By Josie Kafka 11/12/2012 03:19:00 AM Categories: Review, Season 5, Through the Looking Glass and What Walter Found There
“You will notice that things work differently here.”
Have you read House of Leaves? If you have, this episode likely made your head spin. (If you haven’t, I’ll bet you enjoyed it anyway.) House of Leaves is a complicated book about a photographer who moves into a house that gives him access to…a place…sorta…and then there’s different sized fonts and various unreliable narrators whose timelines don’t match up. There are diary entries, transcribed videos, and more. It is thoughtfully postmodern, but also surreal enough to evoke a thrill. And so was “Through the Looking Glass…”
I like to think of this as Fringe’s haunted-house episode. The pocket universe and its unreliable physics placed me firmly on the edge of my seat and kept me there for the entire episode. I loved the upside-down shots, the dead end that wasn’t, the way time and light worked differently. Wonderland it wasn’t. Purgatory, neither.
The pocket universe was more of a limbo, a place of waiting without hope—as Virgil says of Hell in Dante’s Inferno, “without hope, we live in desire.” That’s how Olivia and Peter are living now, desirous of Etta’s impossible return. Olivia’s grief wasn’t the focus of this episode, and that almost made it more tangible: she continues to push through, just as she did after John Scott’s (supposed) death in the series premiere. It was perfectly appropriate that Walter was seeking a child, even if he didn’t know it. Not just any child, but the young Observer that Olivia felt such empathy with in “Inner Child.” He is gone, but, unlike Etta, he might still be recovered.
That is not to suggest that House of Leaves, Purgatory, limbo, Dante, children, and Wonderland all add up to some secret code that gives us the “answer” to the show. Rather, the characters’ emotions and actions, the show’s complex allusions and even-more-complicated mythology, and the episode’s various plots twine together, giving a poetic depth to every moment and every scene. Five years in, all of Fringe is fraught with background and importance. For an episode that took place almost entirely in a broken building in a pocket universe, its reach was remarkable.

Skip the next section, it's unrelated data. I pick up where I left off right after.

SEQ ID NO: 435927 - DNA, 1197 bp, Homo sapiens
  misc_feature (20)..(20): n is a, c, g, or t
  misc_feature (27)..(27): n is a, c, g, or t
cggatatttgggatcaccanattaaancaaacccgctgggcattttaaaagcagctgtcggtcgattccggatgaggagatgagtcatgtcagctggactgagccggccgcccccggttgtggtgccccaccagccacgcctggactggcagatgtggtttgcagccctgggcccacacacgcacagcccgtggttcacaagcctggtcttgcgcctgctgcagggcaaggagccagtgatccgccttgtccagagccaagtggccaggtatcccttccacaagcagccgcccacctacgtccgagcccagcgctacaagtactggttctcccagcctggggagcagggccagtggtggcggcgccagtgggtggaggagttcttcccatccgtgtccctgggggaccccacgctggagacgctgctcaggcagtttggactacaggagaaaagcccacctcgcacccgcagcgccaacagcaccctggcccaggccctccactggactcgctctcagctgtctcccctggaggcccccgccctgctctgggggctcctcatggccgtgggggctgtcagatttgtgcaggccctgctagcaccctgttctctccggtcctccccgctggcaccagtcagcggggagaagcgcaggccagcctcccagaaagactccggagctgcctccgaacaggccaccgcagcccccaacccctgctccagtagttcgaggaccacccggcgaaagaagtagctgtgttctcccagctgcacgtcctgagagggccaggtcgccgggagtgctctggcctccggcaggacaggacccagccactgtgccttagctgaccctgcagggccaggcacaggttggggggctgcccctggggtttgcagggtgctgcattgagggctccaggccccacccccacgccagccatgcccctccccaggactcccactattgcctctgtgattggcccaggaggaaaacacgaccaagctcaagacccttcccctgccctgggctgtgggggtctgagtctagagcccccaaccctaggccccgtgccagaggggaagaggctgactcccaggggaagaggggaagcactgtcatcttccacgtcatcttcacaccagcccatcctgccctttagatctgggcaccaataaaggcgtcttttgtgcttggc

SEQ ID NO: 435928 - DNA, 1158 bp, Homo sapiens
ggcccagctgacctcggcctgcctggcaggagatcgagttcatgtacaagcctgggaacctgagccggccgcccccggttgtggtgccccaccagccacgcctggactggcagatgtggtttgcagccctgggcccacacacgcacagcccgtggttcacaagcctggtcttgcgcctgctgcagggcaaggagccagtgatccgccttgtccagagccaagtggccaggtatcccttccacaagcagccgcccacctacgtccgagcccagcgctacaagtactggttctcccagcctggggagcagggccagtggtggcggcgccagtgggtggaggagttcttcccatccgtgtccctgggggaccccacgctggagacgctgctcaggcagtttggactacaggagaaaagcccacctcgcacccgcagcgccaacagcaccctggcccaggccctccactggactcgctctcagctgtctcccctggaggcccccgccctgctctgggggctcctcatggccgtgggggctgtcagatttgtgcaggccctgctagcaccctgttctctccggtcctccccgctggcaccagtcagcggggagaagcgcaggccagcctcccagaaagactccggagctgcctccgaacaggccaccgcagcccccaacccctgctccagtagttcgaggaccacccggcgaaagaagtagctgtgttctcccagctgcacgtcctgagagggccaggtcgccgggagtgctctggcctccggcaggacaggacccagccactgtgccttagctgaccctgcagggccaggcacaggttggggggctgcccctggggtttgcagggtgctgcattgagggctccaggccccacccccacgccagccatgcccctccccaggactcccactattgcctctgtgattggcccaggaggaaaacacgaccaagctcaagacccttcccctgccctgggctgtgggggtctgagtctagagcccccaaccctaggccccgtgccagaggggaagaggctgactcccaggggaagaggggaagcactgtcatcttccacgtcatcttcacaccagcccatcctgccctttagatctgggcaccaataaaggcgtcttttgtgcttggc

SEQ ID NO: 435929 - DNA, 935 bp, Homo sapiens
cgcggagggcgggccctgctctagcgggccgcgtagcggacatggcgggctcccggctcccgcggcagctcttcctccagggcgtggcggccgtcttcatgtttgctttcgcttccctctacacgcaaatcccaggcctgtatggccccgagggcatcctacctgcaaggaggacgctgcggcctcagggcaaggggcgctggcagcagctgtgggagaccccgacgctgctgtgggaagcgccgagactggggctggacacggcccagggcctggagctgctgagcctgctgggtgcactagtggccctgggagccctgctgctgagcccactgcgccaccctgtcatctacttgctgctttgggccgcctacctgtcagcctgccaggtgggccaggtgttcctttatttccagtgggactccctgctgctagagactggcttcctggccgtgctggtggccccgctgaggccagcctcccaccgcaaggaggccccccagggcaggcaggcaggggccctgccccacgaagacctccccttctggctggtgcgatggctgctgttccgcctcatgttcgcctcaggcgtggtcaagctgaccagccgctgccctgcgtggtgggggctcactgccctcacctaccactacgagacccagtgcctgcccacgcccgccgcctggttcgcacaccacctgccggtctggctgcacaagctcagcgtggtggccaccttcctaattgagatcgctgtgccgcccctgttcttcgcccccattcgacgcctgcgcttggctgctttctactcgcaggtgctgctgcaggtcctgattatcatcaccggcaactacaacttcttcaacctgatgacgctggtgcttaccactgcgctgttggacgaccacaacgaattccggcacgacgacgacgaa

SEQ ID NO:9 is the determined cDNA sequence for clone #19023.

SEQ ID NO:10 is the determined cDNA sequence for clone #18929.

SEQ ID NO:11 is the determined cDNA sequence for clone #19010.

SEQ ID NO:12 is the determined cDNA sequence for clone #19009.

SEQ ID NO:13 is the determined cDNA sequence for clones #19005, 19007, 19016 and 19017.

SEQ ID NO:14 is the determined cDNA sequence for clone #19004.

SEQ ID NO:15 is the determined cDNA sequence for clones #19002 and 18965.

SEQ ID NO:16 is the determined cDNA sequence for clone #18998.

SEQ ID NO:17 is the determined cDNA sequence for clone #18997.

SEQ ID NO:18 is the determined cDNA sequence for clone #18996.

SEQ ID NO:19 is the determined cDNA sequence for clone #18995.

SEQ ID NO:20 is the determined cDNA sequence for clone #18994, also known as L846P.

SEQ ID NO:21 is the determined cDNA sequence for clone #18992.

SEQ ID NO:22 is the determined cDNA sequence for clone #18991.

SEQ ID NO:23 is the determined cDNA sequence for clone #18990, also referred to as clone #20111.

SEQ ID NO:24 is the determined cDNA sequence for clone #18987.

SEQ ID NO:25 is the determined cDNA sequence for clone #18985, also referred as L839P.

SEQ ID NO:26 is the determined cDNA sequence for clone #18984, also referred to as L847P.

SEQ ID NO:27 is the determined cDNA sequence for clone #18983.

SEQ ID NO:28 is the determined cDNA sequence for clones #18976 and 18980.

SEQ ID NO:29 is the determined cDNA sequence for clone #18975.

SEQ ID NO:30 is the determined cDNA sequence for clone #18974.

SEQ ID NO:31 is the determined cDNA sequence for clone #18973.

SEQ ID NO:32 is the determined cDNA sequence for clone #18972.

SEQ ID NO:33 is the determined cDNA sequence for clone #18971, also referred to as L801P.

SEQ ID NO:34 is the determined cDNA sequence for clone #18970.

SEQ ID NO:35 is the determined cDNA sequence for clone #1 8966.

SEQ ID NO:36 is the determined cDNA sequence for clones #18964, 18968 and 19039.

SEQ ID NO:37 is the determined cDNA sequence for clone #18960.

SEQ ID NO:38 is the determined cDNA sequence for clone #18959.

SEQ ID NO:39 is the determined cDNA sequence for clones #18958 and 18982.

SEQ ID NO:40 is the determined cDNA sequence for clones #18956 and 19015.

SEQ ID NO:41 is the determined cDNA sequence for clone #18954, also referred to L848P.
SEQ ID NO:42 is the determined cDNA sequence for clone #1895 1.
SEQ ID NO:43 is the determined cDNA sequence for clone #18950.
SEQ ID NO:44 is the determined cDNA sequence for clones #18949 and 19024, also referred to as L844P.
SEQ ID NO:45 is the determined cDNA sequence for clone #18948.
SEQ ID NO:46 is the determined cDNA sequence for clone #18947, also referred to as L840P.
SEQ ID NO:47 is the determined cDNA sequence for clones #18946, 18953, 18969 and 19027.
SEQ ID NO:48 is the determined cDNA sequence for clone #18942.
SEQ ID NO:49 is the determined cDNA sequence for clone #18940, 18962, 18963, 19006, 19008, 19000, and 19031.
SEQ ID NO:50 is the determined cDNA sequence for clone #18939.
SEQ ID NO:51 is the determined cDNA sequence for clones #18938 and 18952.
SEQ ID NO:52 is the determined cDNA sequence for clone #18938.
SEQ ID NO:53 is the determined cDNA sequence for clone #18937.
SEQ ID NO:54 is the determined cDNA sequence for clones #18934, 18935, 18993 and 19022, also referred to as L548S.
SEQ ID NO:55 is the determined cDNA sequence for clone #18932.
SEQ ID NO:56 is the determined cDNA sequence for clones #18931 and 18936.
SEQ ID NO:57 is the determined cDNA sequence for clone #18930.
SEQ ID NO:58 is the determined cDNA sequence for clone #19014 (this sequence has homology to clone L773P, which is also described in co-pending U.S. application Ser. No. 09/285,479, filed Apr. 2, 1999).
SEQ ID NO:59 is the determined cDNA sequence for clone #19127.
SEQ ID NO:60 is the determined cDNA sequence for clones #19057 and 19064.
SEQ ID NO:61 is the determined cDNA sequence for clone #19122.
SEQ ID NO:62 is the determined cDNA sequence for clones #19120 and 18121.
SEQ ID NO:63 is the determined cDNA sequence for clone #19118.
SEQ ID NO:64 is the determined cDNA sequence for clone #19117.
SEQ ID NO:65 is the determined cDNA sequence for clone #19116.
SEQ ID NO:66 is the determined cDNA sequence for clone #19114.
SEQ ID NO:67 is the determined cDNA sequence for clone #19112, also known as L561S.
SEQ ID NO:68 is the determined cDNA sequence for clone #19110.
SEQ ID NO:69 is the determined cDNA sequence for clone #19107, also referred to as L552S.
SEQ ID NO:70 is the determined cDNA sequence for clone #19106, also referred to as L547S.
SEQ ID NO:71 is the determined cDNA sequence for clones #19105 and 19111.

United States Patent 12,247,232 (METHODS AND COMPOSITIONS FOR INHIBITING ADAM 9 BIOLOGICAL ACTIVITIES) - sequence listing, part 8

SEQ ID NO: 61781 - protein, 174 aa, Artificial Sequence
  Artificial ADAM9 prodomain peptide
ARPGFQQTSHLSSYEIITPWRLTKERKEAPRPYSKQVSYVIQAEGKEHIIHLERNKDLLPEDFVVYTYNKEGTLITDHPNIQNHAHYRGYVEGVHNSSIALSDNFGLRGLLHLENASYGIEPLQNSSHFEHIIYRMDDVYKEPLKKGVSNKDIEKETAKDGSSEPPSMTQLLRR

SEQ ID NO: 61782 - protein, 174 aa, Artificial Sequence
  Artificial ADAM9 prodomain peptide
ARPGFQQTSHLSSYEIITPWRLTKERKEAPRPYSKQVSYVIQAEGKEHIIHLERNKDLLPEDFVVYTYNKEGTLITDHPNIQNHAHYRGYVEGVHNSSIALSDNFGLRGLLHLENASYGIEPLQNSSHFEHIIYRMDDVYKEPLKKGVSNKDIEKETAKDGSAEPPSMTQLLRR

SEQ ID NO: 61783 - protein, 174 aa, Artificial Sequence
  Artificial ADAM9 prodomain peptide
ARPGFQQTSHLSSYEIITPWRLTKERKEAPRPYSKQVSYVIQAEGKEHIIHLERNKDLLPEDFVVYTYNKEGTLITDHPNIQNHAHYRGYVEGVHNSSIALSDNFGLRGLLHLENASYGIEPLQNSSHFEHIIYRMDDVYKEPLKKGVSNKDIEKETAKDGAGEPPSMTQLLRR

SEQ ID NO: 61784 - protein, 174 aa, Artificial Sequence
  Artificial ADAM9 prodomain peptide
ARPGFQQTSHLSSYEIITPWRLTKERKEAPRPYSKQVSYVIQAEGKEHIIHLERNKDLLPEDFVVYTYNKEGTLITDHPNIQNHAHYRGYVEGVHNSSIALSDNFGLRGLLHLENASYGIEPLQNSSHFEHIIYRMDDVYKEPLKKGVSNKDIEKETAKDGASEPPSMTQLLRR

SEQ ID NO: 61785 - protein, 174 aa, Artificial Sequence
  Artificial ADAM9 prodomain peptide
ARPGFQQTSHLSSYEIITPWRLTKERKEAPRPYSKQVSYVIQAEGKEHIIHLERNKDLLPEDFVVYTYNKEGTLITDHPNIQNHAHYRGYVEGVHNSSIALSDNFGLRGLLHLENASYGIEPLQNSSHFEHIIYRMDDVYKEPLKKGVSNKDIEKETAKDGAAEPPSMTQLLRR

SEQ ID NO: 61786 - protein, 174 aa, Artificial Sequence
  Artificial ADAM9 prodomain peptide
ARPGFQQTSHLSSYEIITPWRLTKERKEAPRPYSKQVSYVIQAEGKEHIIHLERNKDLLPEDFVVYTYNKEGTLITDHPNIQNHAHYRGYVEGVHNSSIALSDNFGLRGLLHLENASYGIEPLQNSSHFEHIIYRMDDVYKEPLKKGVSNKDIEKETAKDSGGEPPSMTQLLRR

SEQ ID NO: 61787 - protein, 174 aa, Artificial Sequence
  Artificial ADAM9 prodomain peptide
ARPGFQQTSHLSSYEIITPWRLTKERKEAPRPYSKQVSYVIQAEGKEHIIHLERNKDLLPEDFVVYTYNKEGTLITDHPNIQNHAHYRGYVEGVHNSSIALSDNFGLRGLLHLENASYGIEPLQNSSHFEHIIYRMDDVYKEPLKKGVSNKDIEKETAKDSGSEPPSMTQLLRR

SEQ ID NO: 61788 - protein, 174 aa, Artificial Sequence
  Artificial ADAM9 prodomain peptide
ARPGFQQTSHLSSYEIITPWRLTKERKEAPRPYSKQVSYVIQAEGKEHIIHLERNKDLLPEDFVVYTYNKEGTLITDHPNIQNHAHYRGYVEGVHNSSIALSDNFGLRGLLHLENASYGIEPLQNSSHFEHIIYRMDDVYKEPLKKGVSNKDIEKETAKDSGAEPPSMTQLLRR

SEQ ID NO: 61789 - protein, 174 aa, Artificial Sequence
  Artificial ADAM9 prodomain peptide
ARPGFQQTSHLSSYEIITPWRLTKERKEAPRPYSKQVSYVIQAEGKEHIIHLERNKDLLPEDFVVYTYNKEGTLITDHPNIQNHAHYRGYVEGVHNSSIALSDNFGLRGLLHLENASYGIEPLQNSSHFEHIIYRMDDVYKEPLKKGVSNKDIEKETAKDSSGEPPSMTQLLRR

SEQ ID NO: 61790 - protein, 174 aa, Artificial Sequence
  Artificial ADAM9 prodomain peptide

And I haven’t even gotten to the big reveal: having hijacked the Observer’s tech in the previous episode, Peter is now…Well, he’s different. Is he turning into an Observer, or just able to access some of their power? Was he seeing things differently over the course of the entire episode, or did it take a while to kick in? And how cool is it that he can bloop in and out of space-time?!
Cool and horrible, of course. Cool because, hey, superhero! Horrible because Peter has once again sacrificed some part of himself to “fix” things; in Season Three, it was to bring peace to the two dueling universes. Now, in an attempt to avenge Etta’s death, he has become something other than what he was. And he has kept it from Olivia. From shame? From fear? Or has the tech altered him just enough that he feels like he can’t talk to his wife, so that he and Walter are both becoming different men?
Those questions will be answered soon. In the meantime, let’s take a minute—maybe even two or three—to praise John Noble. At some point in this episode, I said to myself, “Wait! Could this be Walternate? He’s just a bit sharper, somehow.” And I don’t mean smarter, although that might be part of it. I mean he has more angles and is more piercing. It wasn’t Walternate, of course, but it was a different version of Walter: more decisive, more cruel. And, in a cruel Flowers for Algernon twist, Walter had the same realization, and was crushed by it. John Noble manages to play variations on the same complicated character with beautiful precision.
A Series of Unfortunate Event:
• I got so caught up in re-watching the episode that I didn’t have time to track any of the quotes. Add your own in the comments!
What a great episode.
Four out of four pocket universes
Josie Kafka reviews Fringe, The Vampire Diaries, and Game of Thrones for billiedoux.com.